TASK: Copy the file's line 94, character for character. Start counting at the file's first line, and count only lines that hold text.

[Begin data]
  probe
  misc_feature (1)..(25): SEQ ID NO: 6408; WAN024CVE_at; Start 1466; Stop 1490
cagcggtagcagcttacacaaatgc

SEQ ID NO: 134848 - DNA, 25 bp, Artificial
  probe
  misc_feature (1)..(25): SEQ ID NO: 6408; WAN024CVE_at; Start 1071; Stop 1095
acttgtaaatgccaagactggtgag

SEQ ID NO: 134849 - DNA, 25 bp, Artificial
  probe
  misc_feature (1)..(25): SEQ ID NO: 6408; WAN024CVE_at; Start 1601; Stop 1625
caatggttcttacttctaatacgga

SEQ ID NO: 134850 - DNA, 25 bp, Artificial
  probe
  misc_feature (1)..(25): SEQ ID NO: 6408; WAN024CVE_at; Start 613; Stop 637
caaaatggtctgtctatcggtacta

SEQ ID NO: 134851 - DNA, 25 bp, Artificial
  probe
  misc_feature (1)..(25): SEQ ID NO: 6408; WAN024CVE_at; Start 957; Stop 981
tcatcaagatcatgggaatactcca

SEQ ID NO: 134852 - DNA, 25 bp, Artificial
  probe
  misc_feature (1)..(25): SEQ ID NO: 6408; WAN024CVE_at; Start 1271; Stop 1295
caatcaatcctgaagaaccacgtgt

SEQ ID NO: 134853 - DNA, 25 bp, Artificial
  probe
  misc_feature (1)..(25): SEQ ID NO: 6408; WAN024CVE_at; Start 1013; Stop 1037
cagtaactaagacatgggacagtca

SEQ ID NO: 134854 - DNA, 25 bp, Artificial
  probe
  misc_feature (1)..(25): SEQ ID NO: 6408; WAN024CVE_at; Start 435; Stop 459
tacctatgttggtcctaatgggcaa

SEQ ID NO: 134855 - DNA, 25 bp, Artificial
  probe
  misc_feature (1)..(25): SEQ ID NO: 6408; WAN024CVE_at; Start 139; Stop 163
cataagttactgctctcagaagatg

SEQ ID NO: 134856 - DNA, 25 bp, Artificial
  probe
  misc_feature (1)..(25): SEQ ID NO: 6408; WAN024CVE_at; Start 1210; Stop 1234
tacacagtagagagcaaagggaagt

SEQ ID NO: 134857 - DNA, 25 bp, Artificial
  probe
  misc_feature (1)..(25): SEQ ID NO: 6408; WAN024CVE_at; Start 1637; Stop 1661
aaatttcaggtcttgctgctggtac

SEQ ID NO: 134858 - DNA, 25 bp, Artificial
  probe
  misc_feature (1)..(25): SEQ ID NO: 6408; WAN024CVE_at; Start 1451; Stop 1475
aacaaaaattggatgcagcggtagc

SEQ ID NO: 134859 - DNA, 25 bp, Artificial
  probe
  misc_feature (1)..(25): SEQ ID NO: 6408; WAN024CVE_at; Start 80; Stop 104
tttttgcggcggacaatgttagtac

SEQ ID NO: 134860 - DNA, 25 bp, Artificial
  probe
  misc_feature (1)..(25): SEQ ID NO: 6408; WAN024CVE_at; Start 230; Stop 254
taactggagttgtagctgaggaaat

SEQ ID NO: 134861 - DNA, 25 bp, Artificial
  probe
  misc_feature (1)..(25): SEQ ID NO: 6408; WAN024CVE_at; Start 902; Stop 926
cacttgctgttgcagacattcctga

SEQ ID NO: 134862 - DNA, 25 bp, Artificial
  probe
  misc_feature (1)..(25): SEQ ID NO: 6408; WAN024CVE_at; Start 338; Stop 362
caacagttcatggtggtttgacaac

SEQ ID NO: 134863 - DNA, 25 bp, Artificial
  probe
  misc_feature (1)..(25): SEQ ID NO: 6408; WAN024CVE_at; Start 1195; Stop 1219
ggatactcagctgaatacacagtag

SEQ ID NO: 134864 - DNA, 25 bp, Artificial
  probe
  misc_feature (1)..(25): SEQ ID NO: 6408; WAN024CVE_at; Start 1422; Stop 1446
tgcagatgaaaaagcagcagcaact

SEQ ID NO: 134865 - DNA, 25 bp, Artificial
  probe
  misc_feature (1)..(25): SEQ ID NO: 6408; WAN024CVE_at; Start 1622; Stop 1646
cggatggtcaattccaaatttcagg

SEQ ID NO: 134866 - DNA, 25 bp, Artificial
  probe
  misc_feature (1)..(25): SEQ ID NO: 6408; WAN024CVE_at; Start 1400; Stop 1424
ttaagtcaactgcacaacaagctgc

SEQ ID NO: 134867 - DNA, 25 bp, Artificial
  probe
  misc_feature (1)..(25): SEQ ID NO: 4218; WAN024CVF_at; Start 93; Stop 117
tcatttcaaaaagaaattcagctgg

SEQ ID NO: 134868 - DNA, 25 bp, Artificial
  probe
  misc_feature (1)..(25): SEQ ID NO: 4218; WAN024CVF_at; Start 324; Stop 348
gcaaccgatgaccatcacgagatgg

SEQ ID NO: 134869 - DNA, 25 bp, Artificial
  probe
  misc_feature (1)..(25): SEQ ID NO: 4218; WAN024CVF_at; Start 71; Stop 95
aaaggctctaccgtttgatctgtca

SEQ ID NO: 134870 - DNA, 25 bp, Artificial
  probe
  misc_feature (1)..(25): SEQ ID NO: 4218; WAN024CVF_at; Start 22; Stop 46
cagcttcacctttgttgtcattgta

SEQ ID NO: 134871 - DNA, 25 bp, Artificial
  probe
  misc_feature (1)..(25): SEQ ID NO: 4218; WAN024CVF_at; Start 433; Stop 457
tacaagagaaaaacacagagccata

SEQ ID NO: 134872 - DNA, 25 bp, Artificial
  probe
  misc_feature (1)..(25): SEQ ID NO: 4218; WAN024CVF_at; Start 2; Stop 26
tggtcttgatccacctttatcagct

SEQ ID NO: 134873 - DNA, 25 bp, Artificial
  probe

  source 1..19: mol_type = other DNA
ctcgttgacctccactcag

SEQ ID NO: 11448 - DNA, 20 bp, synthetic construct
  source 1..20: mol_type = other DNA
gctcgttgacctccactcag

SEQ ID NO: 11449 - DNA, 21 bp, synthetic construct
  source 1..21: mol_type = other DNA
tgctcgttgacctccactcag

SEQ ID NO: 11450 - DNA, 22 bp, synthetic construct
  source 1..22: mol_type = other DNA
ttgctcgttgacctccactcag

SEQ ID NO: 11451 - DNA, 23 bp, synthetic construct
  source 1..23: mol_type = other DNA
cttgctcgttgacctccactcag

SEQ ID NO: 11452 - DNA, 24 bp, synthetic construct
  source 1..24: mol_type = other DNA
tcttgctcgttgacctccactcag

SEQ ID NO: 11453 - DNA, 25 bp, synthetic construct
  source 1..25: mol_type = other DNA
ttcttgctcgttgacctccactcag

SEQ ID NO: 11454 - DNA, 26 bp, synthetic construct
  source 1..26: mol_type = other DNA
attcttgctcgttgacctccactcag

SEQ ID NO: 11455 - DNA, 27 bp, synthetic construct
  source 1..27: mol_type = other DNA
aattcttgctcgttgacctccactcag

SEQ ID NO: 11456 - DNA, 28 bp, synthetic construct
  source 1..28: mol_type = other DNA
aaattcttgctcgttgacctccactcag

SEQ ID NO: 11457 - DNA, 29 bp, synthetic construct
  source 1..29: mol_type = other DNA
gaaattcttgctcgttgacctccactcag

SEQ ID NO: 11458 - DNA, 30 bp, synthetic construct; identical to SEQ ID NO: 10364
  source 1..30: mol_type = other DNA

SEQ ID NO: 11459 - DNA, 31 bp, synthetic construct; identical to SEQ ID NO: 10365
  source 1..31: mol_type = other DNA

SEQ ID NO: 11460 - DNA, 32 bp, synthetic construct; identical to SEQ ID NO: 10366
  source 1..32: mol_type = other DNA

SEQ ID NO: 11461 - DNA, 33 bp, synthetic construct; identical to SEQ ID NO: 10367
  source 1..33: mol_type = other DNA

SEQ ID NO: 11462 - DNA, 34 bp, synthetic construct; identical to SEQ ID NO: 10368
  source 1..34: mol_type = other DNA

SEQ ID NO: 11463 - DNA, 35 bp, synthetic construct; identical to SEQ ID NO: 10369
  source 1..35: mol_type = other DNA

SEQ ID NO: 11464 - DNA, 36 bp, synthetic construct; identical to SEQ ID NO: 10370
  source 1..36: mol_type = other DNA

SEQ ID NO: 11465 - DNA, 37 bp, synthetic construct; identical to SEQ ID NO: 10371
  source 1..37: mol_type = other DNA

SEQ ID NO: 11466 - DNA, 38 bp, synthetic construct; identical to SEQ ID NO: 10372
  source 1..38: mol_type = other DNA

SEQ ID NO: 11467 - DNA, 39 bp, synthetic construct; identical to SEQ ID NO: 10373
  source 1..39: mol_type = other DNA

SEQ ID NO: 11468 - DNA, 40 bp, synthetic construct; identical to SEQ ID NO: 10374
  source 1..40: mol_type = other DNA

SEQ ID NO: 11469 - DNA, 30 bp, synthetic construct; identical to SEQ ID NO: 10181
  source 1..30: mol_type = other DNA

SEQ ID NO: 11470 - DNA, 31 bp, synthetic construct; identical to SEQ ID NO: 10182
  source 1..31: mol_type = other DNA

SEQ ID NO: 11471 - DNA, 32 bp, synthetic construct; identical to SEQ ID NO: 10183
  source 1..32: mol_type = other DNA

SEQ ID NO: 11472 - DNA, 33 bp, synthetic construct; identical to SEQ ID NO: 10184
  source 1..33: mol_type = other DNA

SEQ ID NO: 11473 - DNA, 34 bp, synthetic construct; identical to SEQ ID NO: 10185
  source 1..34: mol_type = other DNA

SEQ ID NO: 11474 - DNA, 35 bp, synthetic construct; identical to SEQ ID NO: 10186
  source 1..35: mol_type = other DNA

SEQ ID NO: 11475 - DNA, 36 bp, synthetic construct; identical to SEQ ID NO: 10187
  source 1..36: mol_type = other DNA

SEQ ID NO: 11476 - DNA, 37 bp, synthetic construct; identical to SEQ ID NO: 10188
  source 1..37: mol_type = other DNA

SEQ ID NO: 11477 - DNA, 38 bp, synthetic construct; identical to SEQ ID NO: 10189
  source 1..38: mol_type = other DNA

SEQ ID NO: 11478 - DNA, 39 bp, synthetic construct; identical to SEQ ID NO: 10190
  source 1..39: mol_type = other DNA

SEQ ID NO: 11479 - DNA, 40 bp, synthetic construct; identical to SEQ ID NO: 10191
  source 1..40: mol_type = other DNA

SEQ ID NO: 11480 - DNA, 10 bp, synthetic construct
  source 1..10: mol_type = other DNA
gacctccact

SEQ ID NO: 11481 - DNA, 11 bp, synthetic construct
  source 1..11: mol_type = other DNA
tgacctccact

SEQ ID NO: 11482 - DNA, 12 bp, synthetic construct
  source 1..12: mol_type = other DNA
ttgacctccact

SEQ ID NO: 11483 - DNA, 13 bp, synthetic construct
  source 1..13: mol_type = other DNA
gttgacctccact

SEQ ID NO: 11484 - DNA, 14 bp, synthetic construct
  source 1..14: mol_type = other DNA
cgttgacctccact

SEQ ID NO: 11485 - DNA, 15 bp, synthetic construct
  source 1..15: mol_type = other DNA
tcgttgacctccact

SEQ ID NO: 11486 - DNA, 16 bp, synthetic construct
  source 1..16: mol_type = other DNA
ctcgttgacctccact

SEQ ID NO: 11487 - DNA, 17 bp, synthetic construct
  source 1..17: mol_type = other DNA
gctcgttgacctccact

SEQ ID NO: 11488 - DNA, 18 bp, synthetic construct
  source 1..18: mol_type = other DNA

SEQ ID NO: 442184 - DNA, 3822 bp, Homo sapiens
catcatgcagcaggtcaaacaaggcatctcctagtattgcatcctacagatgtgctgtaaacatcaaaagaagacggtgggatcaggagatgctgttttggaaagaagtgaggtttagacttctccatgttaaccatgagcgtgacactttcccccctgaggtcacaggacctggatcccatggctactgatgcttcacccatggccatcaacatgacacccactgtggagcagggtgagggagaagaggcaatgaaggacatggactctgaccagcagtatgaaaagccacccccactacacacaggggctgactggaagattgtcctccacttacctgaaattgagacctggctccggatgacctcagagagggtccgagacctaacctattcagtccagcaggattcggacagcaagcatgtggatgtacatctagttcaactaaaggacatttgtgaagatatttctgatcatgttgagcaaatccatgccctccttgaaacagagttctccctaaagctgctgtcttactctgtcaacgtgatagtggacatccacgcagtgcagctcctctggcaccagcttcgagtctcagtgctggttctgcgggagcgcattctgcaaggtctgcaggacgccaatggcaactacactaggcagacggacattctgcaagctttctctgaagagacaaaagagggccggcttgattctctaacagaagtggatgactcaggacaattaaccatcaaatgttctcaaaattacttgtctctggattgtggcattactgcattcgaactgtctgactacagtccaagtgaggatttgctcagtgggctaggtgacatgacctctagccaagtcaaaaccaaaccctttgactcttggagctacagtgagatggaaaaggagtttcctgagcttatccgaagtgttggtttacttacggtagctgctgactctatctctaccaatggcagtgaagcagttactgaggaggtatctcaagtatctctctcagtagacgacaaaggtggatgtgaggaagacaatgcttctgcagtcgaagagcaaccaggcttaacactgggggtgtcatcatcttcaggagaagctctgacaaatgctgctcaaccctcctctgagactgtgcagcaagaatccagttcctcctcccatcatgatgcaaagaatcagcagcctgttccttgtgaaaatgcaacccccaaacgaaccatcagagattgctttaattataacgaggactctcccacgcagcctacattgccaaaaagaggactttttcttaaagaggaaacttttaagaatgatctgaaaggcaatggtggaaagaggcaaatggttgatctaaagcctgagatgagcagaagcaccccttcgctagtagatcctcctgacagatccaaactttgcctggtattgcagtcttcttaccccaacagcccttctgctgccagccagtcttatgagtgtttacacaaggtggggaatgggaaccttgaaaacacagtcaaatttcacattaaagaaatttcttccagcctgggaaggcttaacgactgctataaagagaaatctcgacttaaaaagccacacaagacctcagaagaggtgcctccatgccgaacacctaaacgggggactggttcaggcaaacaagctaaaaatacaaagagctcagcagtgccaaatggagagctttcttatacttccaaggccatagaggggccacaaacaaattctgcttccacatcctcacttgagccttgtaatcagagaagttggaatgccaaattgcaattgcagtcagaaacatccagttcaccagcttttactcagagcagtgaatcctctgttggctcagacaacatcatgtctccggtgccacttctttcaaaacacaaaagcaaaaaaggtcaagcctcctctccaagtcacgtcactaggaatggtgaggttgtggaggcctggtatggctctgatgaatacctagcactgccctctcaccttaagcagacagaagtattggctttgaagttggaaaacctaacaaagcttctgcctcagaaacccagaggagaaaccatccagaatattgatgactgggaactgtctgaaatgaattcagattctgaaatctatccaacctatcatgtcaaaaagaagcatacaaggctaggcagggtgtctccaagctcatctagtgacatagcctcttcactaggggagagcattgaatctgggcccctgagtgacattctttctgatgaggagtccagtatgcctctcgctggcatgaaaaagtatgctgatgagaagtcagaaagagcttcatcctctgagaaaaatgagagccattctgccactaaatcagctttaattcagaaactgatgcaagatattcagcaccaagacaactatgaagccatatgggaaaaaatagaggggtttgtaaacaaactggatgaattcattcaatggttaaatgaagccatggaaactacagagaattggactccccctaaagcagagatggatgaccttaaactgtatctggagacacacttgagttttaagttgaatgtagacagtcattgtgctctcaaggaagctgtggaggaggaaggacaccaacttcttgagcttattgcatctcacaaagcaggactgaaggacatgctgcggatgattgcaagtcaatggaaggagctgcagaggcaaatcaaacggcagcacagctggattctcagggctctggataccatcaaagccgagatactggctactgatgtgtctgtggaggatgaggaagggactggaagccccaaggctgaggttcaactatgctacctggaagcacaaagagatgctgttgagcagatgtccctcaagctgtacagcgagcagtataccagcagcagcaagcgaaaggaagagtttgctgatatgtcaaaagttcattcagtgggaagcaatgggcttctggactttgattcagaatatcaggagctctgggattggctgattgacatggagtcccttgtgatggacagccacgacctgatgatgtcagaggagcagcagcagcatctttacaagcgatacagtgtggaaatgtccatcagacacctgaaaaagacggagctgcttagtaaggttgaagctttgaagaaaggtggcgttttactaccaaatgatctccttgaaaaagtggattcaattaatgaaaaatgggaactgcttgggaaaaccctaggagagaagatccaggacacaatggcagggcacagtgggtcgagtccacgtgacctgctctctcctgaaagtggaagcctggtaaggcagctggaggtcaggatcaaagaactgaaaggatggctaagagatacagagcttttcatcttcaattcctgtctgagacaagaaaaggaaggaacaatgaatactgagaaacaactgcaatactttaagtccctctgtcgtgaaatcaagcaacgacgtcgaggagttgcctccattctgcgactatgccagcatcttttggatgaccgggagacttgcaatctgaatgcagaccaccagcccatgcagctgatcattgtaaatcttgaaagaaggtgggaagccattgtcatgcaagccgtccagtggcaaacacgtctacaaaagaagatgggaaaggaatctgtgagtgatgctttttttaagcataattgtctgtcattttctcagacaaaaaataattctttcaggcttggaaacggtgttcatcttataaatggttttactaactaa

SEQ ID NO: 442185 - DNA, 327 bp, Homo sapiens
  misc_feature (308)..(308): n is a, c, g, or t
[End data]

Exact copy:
  misc_feature (1)..(25): SEQ ID NO: 4218; WAN024CVF_at; Start 22; Stop 46